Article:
Aziz NMCancer survivorship research: state of knowledge, challenges and opportunities. Acta Oncol 46: 417-432

Office of Cancer Survivorship, Division of Cancer Control and Population Sciences, National Cancer Institute, Bethesda, Maryland 20892, USA.
Acta Oncologica (Impact Factor: 3). 02/2007; 46(4):417-32. DOI: 10.1080/02841860701367878
Source: PubMed


Seminal advances in early detection of and treatment strategies for cancer have led to burgeoning numbers of cancer survivors. While most therapeutic modalities for cancer are beneficial and lifesaving, they are associated with adverse long-term and late sequelae.
Literature review using MEDLINE to identify studies examining adverse medical outcomes and post-treatment follow-up care among long-term survivors. Emerging concepts in survivorship research such as definitional issues, research paradigms and methodologic concerns were also examined.
Long-term or late adverse sequelae are more prevalent, serious, and persistent than expected in survivors of pediatric and adult cancer, but remain understudied especially among those diagnosed as adults. Follow-up care relevant to survivorship outcomes is neither standardized nor guideline or evidence based for most adult cancers, and optimal practices have yet to be defined.
Adverse sequelae contribute to burden of illness, health care costs, and decreased length and quality of survival. To-date, very few studies have compared survivor outcomes pre-and post diagnosis. It is critical to examine under-researched questions and understudied survivor groups. Regular follow-up care and monitoring of health status post cancer treatment should 1) permit the timely diagnosis and treatment of adverse outcomes; 2) enable timely diagnosis and treatment of recurrences; 3) facilitate screening and early detection of second cancer(s); 4) allow for detection and management of co-morbidities; and 5) provide the opportunity for preventive strategies such as lifestyle changes. Research findings to-date underscore the need for continued cancer survivorship research that will: inform our understanding of the mechanisms underlying adverse sequelae; lead to the design of less toxic treatments; test the effectiveness of interventions - medical, pharmacologic, and behavioral - that reduce adverse outcomes; test models of post-treatment follow-up care; develop an evidence base for optimal follow-up care practices; and inform survivor and provider decision making.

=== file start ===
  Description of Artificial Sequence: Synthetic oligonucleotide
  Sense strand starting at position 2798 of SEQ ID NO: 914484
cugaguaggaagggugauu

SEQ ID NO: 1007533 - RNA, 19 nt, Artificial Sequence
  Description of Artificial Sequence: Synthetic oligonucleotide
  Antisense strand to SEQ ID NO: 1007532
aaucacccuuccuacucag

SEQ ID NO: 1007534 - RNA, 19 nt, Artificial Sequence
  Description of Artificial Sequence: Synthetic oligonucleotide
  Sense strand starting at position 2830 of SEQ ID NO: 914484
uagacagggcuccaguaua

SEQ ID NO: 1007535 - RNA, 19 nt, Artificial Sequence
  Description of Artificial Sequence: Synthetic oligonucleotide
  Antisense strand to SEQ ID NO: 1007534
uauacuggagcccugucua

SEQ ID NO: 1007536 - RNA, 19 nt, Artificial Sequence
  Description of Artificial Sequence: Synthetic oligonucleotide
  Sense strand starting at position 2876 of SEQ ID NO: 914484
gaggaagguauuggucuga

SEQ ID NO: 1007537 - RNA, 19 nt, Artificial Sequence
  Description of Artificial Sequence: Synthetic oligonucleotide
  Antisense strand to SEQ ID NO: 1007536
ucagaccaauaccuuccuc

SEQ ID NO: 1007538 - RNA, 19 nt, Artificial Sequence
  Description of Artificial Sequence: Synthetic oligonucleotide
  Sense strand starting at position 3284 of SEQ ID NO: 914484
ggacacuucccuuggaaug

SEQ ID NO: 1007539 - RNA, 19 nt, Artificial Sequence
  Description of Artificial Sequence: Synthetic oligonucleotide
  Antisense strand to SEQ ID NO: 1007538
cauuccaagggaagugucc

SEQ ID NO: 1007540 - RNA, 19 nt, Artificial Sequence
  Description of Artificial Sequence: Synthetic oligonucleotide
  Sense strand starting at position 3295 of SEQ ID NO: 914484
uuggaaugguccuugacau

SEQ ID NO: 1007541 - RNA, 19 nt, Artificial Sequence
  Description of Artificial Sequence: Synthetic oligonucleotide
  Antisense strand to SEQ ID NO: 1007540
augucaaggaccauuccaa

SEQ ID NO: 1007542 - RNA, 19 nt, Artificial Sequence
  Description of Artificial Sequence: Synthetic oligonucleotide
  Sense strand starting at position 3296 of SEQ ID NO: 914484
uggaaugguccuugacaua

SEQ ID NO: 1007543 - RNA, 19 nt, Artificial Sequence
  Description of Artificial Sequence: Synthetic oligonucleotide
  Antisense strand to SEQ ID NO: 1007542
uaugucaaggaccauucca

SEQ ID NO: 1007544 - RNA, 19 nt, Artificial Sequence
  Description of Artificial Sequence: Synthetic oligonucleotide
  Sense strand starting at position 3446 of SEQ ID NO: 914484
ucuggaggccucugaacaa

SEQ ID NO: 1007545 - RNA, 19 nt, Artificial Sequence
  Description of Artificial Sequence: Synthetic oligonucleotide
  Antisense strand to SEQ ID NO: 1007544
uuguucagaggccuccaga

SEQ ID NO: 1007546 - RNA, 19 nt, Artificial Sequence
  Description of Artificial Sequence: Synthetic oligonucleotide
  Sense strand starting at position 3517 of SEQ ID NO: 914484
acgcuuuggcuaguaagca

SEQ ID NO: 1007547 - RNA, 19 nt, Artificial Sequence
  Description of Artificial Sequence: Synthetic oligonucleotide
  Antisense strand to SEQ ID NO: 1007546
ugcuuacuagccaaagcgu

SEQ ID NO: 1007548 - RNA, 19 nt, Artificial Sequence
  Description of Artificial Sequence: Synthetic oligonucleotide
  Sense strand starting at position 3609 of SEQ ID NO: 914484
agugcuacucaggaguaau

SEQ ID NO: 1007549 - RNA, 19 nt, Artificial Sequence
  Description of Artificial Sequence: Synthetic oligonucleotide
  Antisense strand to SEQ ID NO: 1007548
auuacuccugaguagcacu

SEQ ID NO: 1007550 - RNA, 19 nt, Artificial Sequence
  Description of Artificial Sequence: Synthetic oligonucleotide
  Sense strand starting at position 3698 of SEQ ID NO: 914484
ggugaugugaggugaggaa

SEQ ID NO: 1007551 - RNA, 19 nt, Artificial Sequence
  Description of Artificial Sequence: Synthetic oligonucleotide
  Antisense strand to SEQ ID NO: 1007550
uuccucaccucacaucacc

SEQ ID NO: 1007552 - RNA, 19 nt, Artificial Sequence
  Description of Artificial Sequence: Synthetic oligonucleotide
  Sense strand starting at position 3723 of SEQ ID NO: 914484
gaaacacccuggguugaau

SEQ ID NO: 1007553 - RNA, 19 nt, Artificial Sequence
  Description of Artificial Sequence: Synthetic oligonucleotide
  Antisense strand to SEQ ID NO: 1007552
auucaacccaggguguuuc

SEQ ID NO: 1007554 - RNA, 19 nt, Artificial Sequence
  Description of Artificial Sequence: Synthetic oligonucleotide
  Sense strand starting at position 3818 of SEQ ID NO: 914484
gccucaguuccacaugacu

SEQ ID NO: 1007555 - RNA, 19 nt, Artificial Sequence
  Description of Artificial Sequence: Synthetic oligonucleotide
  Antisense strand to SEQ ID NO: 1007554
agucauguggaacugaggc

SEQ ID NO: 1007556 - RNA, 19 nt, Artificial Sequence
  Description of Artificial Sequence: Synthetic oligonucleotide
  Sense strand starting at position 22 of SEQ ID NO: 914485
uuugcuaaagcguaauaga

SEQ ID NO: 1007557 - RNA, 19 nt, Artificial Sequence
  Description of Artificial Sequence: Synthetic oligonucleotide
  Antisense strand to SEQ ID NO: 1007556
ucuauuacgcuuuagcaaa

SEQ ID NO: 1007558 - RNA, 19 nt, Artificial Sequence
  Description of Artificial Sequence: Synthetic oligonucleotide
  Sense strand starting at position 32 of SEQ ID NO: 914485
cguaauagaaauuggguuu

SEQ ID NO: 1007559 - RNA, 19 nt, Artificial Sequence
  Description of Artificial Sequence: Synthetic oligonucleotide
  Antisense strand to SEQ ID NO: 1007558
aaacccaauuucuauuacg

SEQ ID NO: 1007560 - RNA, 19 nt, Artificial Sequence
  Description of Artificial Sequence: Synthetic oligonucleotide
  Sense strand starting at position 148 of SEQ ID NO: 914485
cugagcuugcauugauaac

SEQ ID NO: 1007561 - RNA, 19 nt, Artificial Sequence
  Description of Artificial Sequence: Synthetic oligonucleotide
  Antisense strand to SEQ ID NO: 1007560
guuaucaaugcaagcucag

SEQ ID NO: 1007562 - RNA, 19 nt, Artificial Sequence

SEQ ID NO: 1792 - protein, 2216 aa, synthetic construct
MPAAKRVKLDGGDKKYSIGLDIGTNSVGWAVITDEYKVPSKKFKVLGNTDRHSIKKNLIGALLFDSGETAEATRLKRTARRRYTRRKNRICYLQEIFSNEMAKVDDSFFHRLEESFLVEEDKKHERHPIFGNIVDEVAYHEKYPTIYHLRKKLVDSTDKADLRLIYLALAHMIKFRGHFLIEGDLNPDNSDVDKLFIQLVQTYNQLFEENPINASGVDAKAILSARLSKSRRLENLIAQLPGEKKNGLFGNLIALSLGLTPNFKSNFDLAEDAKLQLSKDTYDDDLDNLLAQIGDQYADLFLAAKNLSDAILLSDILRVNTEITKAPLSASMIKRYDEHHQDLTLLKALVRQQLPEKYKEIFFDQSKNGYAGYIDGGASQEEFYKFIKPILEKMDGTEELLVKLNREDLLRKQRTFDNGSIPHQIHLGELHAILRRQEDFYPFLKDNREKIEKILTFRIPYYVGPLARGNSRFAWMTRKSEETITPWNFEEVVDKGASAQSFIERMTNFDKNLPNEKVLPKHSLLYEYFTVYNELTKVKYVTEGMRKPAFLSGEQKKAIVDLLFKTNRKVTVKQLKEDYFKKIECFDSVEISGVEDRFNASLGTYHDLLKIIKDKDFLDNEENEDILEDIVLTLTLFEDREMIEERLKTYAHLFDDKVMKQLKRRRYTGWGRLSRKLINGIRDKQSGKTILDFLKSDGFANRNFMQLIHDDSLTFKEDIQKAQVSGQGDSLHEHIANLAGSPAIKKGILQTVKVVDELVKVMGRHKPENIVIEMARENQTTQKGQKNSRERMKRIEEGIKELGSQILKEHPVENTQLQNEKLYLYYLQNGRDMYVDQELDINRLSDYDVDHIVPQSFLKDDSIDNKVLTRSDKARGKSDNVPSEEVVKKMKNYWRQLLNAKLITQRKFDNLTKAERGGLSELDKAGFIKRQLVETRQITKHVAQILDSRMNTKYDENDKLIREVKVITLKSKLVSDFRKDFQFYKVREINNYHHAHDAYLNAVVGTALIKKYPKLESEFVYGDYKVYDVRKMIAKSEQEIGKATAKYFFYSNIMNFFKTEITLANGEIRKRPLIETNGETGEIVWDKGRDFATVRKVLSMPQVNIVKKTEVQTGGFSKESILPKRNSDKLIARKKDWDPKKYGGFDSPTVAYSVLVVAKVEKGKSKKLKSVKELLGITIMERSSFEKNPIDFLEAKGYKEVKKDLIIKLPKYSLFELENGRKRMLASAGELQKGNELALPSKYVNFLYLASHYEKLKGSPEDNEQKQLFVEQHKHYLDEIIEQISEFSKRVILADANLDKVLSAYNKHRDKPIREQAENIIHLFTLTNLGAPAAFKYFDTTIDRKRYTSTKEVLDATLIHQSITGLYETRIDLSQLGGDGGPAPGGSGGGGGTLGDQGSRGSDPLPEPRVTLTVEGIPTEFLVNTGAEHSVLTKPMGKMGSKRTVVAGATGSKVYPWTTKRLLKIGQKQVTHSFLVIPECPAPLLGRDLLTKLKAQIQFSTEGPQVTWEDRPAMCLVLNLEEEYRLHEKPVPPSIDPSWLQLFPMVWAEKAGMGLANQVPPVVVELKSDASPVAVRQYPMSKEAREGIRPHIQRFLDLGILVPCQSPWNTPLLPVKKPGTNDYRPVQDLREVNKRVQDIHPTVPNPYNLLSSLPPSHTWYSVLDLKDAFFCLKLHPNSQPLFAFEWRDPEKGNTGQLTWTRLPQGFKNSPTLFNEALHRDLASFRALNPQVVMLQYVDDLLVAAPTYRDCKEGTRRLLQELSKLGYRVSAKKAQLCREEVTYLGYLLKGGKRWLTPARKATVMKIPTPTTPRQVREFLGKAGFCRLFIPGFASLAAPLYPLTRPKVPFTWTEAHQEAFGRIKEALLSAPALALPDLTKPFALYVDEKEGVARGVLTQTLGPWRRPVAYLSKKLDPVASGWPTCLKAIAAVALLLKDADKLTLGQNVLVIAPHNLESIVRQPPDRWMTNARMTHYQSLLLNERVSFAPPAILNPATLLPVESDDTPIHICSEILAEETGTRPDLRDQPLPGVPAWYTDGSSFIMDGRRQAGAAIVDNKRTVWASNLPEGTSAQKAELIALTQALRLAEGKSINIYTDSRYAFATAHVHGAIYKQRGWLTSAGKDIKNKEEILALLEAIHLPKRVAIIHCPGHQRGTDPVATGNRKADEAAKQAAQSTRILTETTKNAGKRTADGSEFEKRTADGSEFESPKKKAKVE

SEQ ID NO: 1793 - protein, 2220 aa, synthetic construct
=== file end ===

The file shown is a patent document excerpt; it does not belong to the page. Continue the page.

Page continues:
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    • "Since the 1970s, the death rates of women with gynecological cancer have significantly declined. As a result, there have been a growing number of survivors who are forced to cope with the consequences of the disease and its treatments (Aziz, 2007). Although survivorship is considered the most important outcome of a gynaecological cancer experience, it is understudied, and thus, the least understood aspect of the disease (Holland & Reznik, 2005). "
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    ABSTRACT: The purpose of this study was to understand the lived survivorship experience of Portuguese women with gynaecological cancer. A phenomenological hermeneutical method, inspired by Ricoeur’ theory of interpretation was employed. Ten women cancer survivors were recruited. An iterative process was carried out to identify themes and interwoven them into the four existentials of life world to lend structural meaning to the lived experience. Female survivors reported stories of positive and negative change complete with doubts and fears, as well as renewed relationships and altered priorities. Assisting clients with finding their ‘new normal’ and embracing its possibilities is critical to their long-term success.
    Procedia - Social and Behavioral Sciences 02/2014; 114. DOI:10.1016/j.sbspro.2013.12.743
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    • ", 2006 ) . As sub - optimal language skills may reduce survivor quality of life for the individual ( Murdoch , 2011 ) and increase the burden of illness for the wider community ( Aziz , 2007 ) , it is timely , there - fore , to investigate the language outcomes of children treated with contemporary posterior PFT treatment pro - tocols to determine the rehabilitative needs following the provision of medical care . Pre - morbid language and / or neurocognitive perfor - mance indices of children presenting with PFT are rarely available , and when available , may not be a reli - able reflection of capabilities due to mass effects of the tumor . "